The Crossroads Learning Center has been an under-the-radar success story for USD 257 over the past 11 years, but its aging facilities have left its future uncertain.
The school, which provides a different educational path for students, is situated in the old Gas Elementary School building. Director Tim Seibel, also a teacher, said about 30 students are enrolled with four teachers and a secretary. The building was built in the late 1940s, and has seen better days. He said electrical issues, heating and cooling, and security concerns are among reasons the school is closing its doors Monday.
The next step is up in the air, but plans are to move facilities to the current USD 257 Board of Education office, just north of Iola High School. Superintendent Jack Koehn is bringing plans before the Iola Planning Commission, and then to the Iola City Council to garner a special use permit.
A new BOE office will be on 305 N. Washington, just north of the Townhouse Apartments.
“If we could bring Crossroads into Iola, we would have better oversight,” Koehn said.
He said the building’s roof is in “dire need of repair.” A replacement would cost approximately $85,000. In addition to the electrical issues, the school has no central air conditioning and heating — which creates its own set of issues.
On top of comfort, Koehn said it creates security issues. Doors are often left unlocked, as well as windows left cracked open. Koehn, along with IHS Principal Stacy Fager and Scott Stanley, director of maintenance and transportation, agreed security needs to be beefed up after the Newtown, Conn., school shootings last December.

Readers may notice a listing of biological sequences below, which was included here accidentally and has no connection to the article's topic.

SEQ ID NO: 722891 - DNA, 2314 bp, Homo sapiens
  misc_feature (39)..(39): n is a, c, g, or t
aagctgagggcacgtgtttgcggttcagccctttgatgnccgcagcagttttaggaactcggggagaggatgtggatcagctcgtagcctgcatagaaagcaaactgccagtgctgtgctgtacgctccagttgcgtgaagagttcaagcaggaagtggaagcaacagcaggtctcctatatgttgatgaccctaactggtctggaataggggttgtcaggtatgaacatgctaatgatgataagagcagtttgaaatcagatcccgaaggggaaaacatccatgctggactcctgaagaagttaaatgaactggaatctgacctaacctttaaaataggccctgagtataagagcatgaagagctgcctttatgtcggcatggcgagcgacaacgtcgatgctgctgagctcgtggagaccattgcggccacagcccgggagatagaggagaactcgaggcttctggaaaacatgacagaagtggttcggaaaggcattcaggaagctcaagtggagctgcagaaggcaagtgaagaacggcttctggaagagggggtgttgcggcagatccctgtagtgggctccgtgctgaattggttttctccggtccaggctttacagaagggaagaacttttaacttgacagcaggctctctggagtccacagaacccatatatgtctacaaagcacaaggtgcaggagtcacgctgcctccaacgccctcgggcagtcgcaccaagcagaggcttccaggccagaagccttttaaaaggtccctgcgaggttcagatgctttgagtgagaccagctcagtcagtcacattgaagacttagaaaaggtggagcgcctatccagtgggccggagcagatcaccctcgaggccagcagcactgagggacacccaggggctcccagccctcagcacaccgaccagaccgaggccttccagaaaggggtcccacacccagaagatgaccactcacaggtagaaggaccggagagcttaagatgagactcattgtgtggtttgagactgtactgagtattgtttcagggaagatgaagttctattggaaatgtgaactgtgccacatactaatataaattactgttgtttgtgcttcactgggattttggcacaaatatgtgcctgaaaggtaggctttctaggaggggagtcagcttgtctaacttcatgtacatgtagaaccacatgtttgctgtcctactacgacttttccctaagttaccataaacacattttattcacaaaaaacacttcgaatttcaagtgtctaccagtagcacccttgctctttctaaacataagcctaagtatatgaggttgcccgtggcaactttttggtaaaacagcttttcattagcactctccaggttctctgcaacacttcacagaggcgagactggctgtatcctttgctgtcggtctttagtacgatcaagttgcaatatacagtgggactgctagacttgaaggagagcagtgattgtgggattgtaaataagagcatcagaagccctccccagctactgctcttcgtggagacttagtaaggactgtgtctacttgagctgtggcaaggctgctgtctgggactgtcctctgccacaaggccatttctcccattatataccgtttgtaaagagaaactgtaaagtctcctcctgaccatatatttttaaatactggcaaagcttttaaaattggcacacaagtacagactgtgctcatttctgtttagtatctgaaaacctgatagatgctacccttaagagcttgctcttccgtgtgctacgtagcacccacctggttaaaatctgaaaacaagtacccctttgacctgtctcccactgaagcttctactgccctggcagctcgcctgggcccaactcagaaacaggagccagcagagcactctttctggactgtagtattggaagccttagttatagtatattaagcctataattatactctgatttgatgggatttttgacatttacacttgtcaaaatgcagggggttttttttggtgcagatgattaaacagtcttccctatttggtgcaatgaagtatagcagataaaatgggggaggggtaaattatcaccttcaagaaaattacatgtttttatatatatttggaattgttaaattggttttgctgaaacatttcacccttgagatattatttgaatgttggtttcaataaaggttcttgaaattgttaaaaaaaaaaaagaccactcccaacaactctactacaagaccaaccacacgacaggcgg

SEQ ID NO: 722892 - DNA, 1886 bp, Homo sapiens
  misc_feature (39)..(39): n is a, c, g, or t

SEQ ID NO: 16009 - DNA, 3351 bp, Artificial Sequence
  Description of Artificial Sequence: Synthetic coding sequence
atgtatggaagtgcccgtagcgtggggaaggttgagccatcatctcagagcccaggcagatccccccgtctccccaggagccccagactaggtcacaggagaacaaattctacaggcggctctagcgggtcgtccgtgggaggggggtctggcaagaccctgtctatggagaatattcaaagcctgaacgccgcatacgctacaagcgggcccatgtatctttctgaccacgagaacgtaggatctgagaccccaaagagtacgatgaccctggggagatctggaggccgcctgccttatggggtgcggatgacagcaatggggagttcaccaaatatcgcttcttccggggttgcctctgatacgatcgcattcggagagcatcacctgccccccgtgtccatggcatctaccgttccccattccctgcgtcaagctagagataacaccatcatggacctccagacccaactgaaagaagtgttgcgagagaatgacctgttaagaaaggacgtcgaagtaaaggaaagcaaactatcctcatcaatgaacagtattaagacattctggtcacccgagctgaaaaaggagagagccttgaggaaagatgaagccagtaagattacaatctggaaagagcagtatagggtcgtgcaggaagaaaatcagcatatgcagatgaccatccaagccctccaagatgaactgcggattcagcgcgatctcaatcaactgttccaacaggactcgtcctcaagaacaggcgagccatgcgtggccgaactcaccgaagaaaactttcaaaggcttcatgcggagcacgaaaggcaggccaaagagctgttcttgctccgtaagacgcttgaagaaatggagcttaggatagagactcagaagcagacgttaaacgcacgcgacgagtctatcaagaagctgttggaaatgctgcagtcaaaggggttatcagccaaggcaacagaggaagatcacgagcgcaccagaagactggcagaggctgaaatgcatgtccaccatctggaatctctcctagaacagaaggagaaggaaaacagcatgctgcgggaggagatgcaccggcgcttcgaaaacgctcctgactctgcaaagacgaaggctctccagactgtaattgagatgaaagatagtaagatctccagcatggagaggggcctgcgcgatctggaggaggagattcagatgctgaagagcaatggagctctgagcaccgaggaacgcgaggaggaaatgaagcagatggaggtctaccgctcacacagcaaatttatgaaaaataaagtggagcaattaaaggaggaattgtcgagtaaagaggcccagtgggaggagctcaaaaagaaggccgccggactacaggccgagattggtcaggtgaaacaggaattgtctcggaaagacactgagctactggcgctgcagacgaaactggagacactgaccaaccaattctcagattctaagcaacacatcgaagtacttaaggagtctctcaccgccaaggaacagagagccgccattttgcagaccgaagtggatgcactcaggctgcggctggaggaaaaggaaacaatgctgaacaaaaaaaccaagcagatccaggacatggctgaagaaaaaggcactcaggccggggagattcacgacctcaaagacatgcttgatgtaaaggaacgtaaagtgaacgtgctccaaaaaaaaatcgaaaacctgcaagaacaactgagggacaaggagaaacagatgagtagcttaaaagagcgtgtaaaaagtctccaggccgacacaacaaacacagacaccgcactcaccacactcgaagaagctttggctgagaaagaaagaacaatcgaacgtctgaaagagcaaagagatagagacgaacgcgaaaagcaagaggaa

According to the three administrators, the list of advantages is long. Maintenance, teacher availability and food service could all improve, if moved into Iola.
“This seemed like the most likely solution,” Koehn said.
“We’ve looked at other options for Crossroads,” Stanley said. He also pointed out that Crossroads was the driving force behind the board office’s move, not the need for new BOE facilities. Although, costs will be cut if both moves are made.
According to numbers from Koehn, USD 257 will save approximately $23,402 per year, based on bus transportation, utility savings and maintenance reductions.
“Crossroads is one of our biggest lots,” Stanley said. “It takes a lot of maintenance.”
ONE of the biggest advantages for a move would be putting the students closer to the high school.
“Students are here for a multitude of reasons,” Seibel said. There is a separation between IHS and Crossroads, for better or worse. He said many students are there because they needed separation from other students, while others simply wanted a quicker path through high school. Either way, the distance between Iola and Gas can seem great.
“The overall misconception, if we bring the students here, is that we could have some problems,” Fager said.
The administration, along with Seibel, agreed that Crossroads receives far fewer formal complaints than the high school. Seibel said the students are not necessarily trouble-makers, but learn better in a different environment.
He said many of the students learn to take pride in their school. They have their own mascot and yearbook.
“It takes them a while, but in the end they really do take pride in the school,” Seibel said. “They see themselves as Crossroads students first.”
He said some of the students at the alternative school have the opportunity to move back into IHS, but oftentimes they elect to remain where they are.
“There have been a lot of success stories that have come out of Crossroads,” Seibel said.
Koehn said the school’s future depends on the special use permit, and they believe it will be the best move for the students. The close proximity to IHS will be better for logistics, student life and community. A move to the BOE building, as far as the administration is concerned, would make Crossroads students feel more a part of a normal high school experience, albeit “alternative.”
Fager said the students are “USD 257 students first” and are included in many of the same ceremonies and events as the IHS students — including graduation.